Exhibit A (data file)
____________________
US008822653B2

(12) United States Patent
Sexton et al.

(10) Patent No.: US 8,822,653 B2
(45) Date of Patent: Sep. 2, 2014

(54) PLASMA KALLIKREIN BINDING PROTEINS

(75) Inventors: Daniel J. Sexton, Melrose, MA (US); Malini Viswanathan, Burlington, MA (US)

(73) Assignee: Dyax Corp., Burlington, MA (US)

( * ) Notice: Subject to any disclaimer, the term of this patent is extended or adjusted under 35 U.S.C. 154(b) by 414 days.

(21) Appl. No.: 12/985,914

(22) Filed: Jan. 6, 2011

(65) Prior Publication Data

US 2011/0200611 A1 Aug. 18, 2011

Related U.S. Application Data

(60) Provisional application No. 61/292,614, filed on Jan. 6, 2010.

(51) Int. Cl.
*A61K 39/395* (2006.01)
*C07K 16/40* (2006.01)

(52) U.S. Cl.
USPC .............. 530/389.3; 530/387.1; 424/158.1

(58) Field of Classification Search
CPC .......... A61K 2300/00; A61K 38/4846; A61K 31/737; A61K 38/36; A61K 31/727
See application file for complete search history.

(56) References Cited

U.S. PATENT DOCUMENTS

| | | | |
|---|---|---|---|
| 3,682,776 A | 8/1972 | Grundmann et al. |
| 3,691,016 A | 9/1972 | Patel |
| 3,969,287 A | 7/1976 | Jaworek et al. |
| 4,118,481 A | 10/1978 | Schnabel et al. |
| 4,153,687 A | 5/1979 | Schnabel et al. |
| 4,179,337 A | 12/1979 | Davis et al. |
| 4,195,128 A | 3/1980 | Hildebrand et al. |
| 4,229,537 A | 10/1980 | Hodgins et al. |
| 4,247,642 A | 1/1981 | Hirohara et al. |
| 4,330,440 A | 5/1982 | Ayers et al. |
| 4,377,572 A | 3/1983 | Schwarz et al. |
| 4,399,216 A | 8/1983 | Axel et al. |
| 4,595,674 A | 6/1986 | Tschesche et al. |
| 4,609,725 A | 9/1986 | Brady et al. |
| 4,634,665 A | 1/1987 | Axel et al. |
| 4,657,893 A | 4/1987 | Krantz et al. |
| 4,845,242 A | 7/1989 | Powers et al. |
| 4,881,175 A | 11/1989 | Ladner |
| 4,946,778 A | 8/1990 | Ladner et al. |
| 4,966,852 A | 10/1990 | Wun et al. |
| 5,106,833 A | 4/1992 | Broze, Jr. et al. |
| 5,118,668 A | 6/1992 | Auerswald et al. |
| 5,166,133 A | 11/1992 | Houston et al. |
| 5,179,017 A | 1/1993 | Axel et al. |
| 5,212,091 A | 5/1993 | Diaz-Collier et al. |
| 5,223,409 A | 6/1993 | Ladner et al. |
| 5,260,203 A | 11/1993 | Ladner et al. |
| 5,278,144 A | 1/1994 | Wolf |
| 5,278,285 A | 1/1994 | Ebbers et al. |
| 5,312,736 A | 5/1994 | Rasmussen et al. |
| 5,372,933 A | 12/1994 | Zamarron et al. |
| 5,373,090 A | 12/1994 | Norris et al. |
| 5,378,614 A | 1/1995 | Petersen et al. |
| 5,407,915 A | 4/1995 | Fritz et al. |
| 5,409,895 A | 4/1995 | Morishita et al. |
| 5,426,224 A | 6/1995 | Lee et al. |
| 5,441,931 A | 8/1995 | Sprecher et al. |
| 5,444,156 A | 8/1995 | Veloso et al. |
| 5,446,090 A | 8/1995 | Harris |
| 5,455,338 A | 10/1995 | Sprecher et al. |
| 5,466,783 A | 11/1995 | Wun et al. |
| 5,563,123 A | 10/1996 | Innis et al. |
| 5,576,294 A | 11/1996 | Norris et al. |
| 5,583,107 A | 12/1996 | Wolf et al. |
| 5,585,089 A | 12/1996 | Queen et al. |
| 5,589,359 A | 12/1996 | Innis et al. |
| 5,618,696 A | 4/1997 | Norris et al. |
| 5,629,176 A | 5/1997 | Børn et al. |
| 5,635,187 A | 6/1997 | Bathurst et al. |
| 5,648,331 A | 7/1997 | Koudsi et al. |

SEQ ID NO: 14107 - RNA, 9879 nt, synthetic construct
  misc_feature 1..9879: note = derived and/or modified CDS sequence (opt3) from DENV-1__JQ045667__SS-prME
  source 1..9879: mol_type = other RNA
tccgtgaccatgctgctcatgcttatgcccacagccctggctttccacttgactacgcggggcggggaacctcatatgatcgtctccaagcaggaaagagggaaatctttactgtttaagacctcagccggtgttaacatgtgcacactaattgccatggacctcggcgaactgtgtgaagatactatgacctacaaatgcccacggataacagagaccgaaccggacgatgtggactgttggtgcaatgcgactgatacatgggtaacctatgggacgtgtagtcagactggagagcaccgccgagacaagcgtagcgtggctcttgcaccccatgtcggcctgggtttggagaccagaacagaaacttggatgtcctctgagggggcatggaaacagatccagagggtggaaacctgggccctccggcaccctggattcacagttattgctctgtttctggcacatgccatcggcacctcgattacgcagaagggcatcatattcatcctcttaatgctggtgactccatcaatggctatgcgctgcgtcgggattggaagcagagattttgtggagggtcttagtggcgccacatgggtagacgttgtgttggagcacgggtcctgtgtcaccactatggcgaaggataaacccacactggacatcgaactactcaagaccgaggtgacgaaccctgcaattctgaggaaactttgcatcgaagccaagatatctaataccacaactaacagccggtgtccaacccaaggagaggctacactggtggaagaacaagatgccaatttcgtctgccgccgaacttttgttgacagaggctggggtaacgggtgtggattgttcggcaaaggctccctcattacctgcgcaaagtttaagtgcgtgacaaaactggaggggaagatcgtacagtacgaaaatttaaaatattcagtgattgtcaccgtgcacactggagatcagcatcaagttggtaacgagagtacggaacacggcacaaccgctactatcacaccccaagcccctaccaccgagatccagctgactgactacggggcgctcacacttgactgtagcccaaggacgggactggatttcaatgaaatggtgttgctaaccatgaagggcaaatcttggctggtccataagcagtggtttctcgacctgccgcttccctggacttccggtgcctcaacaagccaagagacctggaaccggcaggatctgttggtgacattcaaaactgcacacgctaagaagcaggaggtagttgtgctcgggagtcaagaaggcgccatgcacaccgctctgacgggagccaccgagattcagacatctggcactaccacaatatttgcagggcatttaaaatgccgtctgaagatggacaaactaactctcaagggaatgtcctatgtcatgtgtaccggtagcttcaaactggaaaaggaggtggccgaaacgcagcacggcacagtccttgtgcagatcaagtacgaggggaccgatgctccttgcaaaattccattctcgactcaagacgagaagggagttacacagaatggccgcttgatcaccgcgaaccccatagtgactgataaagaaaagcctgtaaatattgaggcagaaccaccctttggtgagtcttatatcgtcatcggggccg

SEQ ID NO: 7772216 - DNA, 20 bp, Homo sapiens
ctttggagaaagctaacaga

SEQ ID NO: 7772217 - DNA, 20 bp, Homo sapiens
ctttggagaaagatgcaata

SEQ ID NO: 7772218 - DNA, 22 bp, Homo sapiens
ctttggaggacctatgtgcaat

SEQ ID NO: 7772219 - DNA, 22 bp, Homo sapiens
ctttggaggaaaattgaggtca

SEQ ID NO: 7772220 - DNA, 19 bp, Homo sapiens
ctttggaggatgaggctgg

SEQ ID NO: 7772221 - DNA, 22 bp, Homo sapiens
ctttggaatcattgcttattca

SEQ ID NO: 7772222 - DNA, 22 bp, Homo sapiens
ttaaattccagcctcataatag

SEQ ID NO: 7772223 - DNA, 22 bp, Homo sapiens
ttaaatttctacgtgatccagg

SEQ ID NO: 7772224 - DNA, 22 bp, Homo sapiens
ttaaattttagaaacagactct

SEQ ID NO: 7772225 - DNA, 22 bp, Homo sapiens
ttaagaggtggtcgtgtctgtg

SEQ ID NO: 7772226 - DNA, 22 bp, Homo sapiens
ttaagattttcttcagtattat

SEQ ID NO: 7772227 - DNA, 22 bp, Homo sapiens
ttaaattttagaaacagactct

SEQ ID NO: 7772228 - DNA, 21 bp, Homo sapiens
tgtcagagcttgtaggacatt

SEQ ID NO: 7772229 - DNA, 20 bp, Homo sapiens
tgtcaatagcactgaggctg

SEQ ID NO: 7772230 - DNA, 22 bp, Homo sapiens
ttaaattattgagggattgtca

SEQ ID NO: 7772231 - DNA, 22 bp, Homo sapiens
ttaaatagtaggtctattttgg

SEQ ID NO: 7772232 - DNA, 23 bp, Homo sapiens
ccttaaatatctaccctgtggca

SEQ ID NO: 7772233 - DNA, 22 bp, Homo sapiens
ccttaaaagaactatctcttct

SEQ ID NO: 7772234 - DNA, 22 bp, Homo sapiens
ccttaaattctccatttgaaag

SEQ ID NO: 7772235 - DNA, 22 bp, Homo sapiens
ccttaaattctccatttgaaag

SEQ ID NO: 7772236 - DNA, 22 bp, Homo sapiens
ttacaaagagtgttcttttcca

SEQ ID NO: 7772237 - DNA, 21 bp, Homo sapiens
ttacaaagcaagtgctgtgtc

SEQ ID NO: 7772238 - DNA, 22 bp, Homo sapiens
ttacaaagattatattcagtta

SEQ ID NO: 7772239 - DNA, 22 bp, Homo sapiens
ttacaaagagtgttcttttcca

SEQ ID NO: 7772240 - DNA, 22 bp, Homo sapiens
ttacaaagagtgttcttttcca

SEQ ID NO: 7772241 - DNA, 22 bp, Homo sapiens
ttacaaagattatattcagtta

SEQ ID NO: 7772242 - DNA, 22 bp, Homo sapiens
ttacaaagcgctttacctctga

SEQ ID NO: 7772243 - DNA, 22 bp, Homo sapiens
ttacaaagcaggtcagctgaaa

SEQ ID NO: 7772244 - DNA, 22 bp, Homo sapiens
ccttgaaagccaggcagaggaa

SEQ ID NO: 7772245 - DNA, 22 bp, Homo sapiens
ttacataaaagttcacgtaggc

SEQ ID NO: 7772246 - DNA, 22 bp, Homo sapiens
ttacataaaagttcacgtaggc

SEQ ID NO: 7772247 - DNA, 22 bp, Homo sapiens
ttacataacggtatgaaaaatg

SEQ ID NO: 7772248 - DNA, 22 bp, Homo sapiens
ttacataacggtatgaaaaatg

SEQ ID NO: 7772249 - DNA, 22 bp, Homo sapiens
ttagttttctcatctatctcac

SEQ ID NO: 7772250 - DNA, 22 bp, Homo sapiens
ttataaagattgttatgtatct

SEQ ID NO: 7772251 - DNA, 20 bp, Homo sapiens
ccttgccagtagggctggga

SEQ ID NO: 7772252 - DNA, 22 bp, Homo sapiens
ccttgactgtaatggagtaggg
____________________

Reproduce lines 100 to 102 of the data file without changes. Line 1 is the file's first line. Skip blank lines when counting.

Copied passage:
SEQ ID NO: 7772225 - DNA, 22 bp, Homo sapiens
ttaagaggtggtcgtgtctgtg

SEQ ID NO: 7772226 - DNA, 22 bp, Homo sapiens